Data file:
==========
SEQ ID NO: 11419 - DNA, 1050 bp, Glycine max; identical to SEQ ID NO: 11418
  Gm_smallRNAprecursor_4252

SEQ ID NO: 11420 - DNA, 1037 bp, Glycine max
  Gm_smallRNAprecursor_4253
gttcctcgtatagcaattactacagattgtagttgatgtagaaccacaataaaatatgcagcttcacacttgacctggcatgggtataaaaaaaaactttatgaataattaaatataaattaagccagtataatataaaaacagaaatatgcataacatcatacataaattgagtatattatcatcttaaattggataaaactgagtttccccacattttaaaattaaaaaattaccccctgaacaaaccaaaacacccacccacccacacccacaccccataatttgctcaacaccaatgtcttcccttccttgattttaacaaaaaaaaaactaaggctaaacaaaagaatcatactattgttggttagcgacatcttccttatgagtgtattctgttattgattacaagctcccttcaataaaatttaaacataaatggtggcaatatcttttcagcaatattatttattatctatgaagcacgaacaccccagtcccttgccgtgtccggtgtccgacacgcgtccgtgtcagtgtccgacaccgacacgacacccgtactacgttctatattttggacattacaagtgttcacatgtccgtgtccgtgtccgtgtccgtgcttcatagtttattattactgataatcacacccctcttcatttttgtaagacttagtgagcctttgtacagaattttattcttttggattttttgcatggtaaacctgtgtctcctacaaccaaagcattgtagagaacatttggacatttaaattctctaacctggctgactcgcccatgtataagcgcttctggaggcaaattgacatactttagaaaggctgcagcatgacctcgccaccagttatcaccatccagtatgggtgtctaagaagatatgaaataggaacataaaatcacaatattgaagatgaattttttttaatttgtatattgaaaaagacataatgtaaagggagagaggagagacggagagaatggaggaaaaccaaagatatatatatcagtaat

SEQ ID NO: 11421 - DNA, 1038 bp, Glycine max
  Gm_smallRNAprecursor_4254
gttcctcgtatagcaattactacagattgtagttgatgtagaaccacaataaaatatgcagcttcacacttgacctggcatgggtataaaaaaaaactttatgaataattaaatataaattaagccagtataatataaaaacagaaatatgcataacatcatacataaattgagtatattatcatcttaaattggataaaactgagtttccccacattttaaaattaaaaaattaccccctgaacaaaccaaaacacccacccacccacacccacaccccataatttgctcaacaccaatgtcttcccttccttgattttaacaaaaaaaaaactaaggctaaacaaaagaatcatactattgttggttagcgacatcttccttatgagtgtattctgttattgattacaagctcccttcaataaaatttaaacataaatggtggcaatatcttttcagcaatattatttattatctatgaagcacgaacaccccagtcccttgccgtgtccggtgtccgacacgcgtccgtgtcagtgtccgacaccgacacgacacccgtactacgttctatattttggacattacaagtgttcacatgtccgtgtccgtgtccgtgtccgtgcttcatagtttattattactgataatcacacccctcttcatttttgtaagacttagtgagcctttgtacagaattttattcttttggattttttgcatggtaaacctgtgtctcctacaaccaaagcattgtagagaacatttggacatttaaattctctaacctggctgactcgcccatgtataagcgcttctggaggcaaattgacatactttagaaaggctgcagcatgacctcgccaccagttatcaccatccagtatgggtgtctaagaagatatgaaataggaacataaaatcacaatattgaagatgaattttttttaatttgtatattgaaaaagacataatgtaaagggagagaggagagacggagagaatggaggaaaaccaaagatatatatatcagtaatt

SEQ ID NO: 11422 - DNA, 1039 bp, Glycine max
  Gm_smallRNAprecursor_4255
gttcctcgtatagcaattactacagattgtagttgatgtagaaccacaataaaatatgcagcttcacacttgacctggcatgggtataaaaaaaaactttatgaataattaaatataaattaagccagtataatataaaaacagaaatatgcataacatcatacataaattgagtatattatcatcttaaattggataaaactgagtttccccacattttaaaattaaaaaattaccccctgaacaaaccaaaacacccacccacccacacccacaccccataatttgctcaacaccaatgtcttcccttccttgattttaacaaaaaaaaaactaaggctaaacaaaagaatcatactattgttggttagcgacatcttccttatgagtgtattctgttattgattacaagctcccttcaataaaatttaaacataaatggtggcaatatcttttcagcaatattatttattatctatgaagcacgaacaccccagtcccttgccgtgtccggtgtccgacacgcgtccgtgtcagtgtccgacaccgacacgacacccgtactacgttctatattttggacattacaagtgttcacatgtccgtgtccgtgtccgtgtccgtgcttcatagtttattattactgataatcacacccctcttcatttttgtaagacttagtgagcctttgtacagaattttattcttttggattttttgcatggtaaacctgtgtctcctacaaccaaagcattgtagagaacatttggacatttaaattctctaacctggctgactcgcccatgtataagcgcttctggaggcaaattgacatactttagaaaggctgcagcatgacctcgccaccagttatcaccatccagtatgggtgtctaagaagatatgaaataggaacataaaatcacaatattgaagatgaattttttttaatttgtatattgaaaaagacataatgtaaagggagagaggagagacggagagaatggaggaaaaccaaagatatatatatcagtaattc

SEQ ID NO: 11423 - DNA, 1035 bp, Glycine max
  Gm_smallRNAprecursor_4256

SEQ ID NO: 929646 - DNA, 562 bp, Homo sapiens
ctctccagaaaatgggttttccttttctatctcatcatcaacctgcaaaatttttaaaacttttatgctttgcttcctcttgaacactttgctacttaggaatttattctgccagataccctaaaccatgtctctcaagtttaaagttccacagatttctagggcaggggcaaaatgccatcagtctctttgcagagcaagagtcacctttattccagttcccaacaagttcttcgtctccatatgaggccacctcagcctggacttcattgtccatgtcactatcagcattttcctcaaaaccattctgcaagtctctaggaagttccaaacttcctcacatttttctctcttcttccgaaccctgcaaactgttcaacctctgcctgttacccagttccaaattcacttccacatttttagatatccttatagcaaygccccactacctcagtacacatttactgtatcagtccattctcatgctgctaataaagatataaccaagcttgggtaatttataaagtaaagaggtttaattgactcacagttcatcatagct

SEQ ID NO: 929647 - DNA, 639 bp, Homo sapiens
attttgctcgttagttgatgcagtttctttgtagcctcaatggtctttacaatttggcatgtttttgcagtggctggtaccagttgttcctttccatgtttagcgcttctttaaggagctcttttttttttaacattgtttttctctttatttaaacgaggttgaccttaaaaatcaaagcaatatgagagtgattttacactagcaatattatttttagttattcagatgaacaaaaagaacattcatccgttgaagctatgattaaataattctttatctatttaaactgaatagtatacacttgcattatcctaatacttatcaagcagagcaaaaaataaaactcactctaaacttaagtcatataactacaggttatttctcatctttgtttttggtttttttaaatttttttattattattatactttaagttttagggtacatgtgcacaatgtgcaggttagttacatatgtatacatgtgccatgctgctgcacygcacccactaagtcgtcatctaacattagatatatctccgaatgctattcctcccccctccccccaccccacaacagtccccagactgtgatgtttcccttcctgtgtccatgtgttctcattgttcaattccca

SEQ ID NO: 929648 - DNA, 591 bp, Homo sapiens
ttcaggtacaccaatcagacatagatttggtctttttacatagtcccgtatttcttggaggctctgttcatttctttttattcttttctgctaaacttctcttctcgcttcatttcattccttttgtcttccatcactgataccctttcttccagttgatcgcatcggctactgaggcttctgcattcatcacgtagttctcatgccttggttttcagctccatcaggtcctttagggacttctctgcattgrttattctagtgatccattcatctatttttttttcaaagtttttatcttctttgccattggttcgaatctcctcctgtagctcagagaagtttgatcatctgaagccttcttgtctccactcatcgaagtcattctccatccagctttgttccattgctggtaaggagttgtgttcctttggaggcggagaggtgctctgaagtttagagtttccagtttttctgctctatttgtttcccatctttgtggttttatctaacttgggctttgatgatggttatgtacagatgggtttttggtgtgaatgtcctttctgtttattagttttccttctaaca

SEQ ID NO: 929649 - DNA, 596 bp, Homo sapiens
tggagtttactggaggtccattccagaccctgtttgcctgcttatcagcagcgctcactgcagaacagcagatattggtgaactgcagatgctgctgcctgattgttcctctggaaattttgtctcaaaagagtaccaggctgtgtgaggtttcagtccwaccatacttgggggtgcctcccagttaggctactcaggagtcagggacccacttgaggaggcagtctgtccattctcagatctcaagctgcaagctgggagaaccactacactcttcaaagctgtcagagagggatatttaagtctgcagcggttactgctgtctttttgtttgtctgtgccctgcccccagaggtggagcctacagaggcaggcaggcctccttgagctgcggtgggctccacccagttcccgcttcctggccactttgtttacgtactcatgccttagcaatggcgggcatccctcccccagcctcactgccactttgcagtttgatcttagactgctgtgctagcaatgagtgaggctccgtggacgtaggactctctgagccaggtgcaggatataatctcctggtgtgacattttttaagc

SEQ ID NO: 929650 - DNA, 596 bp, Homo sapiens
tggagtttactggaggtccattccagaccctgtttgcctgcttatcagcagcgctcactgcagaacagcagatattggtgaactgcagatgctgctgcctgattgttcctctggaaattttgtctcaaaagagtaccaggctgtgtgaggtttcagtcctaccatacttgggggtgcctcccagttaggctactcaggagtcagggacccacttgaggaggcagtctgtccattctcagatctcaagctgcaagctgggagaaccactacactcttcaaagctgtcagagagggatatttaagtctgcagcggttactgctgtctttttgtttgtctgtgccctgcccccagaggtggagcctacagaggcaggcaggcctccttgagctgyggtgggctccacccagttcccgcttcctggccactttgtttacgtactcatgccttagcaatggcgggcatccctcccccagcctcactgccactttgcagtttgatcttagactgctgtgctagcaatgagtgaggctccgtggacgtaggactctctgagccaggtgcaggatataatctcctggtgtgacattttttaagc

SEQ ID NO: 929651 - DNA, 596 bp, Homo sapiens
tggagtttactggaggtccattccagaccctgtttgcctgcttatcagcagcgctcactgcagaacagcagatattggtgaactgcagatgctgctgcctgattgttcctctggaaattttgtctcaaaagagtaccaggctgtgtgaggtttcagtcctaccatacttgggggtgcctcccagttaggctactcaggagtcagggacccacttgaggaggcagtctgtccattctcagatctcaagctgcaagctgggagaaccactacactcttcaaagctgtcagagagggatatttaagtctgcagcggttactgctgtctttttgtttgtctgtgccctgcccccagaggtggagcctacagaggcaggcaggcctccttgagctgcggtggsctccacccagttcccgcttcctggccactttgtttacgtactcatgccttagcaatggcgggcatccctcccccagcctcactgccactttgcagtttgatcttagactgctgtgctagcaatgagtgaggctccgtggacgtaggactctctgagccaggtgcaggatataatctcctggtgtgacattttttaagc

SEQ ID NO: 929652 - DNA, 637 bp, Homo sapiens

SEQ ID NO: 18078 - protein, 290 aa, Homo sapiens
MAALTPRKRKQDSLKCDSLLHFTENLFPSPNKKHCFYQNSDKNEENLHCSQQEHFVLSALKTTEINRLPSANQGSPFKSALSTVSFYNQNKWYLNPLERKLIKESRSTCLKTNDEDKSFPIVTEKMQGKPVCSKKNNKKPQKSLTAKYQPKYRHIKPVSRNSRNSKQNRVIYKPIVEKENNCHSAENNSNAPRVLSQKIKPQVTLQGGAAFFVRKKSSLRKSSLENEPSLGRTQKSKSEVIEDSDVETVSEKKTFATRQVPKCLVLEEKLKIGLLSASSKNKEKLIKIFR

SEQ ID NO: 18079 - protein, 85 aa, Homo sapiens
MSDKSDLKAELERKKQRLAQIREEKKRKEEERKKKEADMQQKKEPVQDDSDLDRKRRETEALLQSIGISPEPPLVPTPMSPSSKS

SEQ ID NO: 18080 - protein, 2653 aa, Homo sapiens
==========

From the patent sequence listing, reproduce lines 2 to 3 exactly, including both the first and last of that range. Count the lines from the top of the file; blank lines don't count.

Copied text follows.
  Gm_smallRNAprecursor_4252

SEQ ID NO: 11420 - DNA, 1037 bp, Glycine max